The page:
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The FFT box

Linear-scaling can be achieved by restricting the number of plane waves that each basis function is comprised of so that it is independent of system-size. In other words, because the NGWFs are strictly zero outside their respective localisation regions, we need not use the entire simulation cell to perform FFTs on them, but may use a much smaller region. This must be done in such a way as to preserve the Hermiticity of operators, i.e. so that
 (19)

Also, it is important that the representation of an operator in this new, contracted basis is consistent throughout the calculation: when we compute the two matrix elements and , in both cases we require the quantity , and in both cases this quantity should be the same.

We investigated these matters in detail in the context of the kinetic energy in an earlier communication [18], and we found an efficient and accurate solution that we call the `FFT box' technique, which involves perfoming computations over restricted regions of the simulation cell, using the fact that the NGWFs are localised in real space. First we shall define the FFT box and then show in detail how it is used to compute the matrix elements of each component of the Hamiltonian in operations.

We define the FFT box to be a miniature and commensurate version of the simulation cell whose size is such that it can contain any pair of NGWFs that exhibit any degree of overlap. Its dimensions and shape are determined at the start of a calculation and are universal throughout that calculation. It should have the same spacing of grid points in each lattice vector direction as the simulation cell, and its origin (which is in general different for the calculation of each matrix element) should coincide with a particular grid point of the simulation cell (Figure 2). Treating the FFT box as a miniature simulation cell with points along lattice vector (where the are integers), and with volume , we may define a set of basis functions, , as we did for the whole simulation cell in equation (1), as follows,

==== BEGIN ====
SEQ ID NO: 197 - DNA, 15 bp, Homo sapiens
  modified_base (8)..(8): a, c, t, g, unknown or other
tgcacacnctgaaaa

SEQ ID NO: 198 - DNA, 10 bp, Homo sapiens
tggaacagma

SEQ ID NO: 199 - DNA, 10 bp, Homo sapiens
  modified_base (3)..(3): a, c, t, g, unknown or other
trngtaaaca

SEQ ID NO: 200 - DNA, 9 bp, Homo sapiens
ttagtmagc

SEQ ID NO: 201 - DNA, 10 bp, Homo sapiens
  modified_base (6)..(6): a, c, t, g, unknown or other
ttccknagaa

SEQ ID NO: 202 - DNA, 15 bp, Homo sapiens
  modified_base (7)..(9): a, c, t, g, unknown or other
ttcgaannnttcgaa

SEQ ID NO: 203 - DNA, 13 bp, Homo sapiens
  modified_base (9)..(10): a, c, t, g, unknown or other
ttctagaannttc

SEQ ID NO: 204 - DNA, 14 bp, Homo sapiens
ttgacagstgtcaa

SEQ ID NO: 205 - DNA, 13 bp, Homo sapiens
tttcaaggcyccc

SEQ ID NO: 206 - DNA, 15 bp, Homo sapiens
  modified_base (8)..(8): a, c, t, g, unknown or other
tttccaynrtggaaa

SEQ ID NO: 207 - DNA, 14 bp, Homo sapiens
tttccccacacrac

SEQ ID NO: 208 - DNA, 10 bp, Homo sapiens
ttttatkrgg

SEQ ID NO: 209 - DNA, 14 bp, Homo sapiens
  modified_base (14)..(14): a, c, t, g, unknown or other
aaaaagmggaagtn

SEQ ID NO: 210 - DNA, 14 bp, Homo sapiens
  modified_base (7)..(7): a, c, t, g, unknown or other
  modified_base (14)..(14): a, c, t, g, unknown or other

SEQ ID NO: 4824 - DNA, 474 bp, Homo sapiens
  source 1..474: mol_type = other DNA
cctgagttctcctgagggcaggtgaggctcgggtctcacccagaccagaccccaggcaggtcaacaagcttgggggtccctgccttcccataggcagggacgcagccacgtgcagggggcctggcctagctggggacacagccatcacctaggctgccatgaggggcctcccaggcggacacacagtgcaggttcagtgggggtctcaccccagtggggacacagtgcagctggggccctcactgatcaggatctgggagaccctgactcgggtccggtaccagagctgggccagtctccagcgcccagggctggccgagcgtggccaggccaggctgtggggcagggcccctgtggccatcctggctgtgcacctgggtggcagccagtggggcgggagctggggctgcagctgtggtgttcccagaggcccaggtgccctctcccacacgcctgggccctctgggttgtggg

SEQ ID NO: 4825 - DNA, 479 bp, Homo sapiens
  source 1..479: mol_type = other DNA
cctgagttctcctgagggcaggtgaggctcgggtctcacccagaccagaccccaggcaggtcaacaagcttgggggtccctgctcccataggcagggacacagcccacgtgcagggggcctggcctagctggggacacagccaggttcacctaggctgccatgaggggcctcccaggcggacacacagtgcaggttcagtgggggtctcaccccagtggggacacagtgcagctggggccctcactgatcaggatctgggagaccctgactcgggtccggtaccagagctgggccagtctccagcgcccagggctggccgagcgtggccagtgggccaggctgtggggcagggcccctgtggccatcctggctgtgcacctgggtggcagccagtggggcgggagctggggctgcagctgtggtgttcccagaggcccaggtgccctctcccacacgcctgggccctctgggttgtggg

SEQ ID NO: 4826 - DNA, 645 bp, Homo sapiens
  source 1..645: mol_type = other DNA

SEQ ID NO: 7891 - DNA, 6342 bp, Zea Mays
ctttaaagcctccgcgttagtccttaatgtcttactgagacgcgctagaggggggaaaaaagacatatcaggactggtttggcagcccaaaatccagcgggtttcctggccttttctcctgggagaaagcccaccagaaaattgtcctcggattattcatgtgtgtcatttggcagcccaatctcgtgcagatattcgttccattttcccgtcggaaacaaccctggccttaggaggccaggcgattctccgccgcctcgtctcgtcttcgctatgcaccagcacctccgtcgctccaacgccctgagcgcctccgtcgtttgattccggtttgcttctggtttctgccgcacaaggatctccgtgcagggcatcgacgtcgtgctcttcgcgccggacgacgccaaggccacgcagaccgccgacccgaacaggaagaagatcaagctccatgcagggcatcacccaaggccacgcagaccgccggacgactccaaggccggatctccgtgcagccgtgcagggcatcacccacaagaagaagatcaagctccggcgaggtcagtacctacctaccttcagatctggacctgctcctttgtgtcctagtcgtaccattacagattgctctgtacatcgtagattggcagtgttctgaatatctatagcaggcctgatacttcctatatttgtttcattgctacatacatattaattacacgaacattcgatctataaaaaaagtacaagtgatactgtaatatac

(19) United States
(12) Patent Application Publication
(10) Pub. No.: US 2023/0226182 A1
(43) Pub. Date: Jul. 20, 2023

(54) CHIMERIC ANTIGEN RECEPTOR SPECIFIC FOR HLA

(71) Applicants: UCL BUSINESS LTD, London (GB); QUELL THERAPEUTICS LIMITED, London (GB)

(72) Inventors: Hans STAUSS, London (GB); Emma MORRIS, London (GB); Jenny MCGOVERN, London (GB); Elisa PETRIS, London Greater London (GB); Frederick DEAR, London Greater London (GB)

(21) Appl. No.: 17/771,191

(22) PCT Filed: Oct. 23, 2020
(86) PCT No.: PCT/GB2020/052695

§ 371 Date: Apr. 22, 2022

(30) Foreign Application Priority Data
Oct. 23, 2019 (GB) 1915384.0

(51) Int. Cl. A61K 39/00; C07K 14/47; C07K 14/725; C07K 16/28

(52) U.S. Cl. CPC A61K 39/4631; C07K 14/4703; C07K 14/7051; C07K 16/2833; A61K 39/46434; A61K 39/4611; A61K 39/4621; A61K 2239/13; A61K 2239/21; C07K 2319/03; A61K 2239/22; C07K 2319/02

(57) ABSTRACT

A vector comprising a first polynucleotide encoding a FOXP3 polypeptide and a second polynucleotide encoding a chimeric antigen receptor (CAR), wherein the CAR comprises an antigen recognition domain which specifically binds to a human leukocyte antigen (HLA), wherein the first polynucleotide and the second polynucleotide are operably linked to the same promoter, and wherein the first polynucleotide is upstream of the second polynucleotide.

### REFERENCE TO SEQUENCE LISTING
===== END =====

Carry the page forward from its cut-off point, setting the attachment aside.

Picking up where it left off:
(20)

where the sum runs over the reciprocal lattice vectors, , of the FFT box (i.e., a number of plane-waves that is now independent of system size), and
 (21)

for integer , and . These basis functions have the periodicity of the FFT box, and all the analytic properties derived for the basis functions of the simulation cell in Appendix A carry over to these functions by making the replacements
 (22)

Next: Projection operators Up: Total energy using the Previous: Total energy using the
Peter D. Haynes 2002-10-29